I have always known my limits when it comes to bike mechanics. And when I reach those limits, I am more than happy to take my trusty steed down to the local bike shop to get it repaired.
Over the years I have learned how to repair many things on a bike, from simple punctures and snapped chains to broken spokes and installing new headsets.
When I first started cycling a lot of these repairs seemed like a dark art that only the initiated were able to complete, but over the years I have picked up tips, hints, and techniques to bring my skill level up to a reasonable level.
Now the internet is awash with how-to videos that cover every aspect of fixing a bike that you could wish for. Sometimes I wonder how much that helps budding mechanics; it is possible to watch three different videos to learn how to change a tyre and find three very different approaches.
However, I will never be proficient in the art of bike mechanics. It is not that I am not capable, more that I really can’t be bothered.
I have often told people over the years that one day I am going to learn how to build wheels from scratch, but as yet I have never even vaguely tried to do this. Ultimately, when it comes down to it, I would rather be on my bike pedalling than tinkering in the workshop. While it can save money to do your own repairs, I would rather see my local bike shop profit from my inadequacies as a mechanic than head out on a bike with a half-hearted and potentially faulty repair.
That doesn’t mean I take my bike to the shop every time it has a fault. There are some repairs that are just part and parcel of everyday cycling and need to be learned. These repairs, such as changing tyres, fixing punctures and putting on new brake pads, are essential skills to keep your bike in safe working order.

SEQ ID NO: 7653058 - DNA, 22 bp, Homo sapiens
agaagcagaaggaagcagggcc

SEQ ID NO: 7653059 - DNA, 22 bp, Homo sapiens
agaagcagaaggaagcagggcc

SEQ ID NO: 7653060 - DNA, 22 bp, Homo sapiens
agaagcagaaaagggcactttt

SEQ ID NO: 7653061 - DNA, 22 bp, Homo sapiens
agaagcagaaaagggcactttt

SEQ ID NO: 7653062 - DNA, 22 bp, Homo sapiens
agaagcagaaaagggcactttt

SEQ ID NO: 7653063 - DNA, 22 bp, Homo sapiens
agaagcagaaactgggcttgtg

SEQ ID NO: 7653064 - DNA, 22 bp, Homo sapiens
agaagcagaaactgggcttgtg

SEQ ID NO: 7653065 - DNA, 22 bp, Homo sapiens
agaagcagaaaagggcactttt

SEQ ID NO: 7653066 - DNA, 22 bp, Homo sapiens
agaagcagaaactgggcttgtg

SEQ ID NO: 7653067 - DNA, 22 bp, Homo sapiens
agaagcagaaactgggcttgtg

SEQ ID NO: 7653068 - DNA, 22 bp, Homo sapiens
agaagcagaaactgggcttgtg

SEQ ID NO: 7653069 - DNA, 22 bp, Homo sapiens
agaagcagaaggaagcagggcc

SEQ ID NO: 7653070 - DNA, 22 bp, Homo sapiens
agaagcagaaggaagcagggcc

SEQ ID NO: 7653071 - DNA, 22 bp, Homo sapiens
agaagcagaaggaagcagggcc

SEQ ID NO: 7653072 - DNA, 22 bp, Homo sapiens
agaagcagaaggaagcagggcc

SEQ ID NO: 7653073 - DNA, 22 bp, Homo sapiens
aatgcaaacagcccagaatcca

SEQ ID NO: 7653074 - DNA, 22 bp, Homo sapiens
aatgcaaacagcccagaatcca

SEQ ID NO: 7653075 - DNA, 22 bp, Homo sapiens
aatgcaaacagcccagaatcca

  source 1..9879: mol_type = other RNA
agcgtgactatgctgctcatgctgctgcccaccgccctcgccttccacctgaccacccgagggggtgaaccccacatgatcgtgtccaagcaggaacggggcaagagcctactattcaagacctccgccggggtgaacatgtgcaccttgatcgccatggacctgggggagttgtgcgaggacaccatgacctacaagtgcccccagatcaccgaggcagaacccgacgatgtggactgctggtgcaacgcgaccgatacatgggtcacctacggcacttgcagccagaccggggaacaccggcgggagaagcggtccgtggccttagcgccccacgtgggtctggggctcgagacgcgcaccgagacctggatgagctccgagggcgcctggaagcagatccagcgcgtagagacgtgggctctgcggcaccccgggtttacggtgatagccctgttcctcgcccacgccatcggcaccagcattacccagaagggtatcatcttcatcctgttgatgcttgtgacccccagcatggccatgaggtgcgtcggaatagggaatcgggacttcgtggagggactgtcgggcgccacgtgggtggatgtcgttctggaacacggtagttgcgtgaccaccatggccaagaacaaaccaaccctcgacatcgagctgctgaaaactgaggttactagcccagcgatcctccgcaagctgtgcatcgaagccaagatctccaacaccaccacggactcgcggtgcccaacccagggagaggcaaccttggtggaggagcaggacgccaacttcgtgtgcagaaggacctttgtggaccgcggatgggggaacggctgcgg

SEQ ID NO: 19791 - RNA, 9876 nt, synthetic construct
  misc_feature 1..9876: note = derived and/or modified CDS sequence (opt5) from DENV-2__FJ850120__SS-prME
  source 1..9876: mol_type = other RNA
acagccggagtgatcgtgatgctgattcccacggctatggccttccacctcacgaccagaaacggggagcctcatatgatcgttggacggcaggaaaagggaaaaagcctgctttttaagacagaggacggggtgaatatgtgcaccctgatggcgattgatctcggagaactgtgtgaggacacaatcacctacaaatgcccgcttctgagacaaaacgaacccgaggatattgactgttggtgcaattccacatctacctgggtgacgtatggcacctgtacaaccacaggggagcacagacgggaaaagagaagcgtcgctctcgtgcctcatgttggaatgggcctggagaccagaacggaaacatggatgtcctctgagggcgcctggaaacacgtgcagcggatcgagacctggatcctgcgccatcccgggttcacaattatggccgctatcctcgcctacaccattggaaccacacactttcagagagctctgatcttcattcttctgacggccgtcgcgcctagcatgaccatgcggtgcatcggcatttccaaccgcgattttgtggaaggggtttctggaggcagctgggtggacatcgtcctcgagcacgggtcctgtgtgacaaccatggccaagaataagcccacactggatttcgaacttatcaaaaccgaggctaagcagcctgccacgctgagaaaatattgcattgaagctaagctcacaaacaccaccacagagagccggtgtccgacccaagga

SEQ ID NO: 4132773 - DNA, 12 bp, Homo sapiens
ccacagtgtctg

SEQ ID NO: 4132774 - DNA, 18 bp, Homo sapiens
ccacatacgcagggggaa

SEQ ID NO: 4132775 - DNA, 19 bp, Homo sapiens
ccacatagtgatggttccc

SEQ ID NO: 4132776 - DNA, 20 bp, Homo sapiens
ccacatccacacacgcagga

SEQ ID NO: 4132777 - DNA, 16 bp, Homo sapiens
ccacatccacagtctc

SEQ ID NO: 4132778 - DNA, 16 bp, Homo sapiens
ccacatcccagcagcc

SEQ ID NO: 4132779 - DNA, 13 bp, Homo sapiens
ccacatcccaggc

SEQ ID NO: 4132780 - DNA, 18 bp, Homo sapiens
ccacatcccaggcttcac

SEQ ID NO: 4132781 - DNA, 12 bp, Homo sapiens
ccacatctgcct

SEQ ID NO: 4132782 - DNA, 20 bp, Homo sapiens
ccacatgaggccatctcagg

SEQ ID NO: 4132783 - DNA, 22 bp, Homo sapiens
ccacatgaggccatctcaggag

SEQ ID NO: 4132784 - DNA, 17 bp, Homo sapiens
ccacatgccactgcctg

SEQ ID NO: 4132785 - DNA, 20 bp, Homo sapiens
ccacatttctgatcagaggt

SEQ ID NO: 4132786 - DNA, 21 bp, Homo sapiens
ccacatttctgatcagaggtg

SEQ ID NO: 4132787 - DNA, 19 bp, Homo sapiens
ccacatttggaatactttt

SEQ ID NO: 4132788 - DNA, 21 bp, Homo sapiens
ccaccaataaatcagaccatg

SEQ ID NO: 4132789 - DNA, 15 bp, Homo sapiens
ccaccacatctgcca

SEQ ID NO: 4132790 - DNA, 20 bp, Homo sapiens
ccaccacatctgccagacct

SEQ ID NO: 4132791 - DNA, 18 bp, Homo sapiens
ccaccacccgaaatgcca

Being able to perform a safety check on your bike will highlight many of the basic issues that occur with cycles and then having the knowledge and ability to be able to fix them may mean the difference between being able to ride that day or not. If you are not sure about how to perform a safety check on your bike, do an internet search for Bike Safety M Check at www.sustrans.org.uk.
There is a difference, however, between being able to do something and actually enjoying it – I can do the dishes and they need to be done, but that doesn’t mean I look forward to tackling that greasy pile of plates facing me after dinner. I have the same attitude to bike mechanics. I recently had to change the disc-brake pads on one of my bikes (a five-minute job), but, according to my wife, you would think I had been asked to get down on my hands and knees and cut the grass in our garden with nail-scissors, such was the grumping and groaning I carried the task out with. Ultimately my heart is not in it. I’m not sure if that puts me out of step with other cyclists. Most of my friends seem to revel in stripping their bikes down, rebuilding them and building wheels and such like.
Maybe one day I will get around to taking that wheel-building course, but I suspect I may be too busy out riding my bike.
Join the Blazing Saddles Strava Club at: www.strava.com/clubs/BlazingSaddlesWeekendCourier
Where to ride:
The Cowal Way Chase – Lochgoilhead – Argyll
Saturday 14th July 2018
Gravel Ride Event
60km – 900m of ascent
Gravel bike events are becoming increasingly popular. The routes take in hard-packed paths, forest roads and loose gravel trails and are generally ridden on gravel-specific bikes with wide tyres, but you will see lots of people riding them on mountain bikes too.
This event, although not for the absolute beginner at cycle events, is a great introduction for those wanting to try out gravel riding for the first time.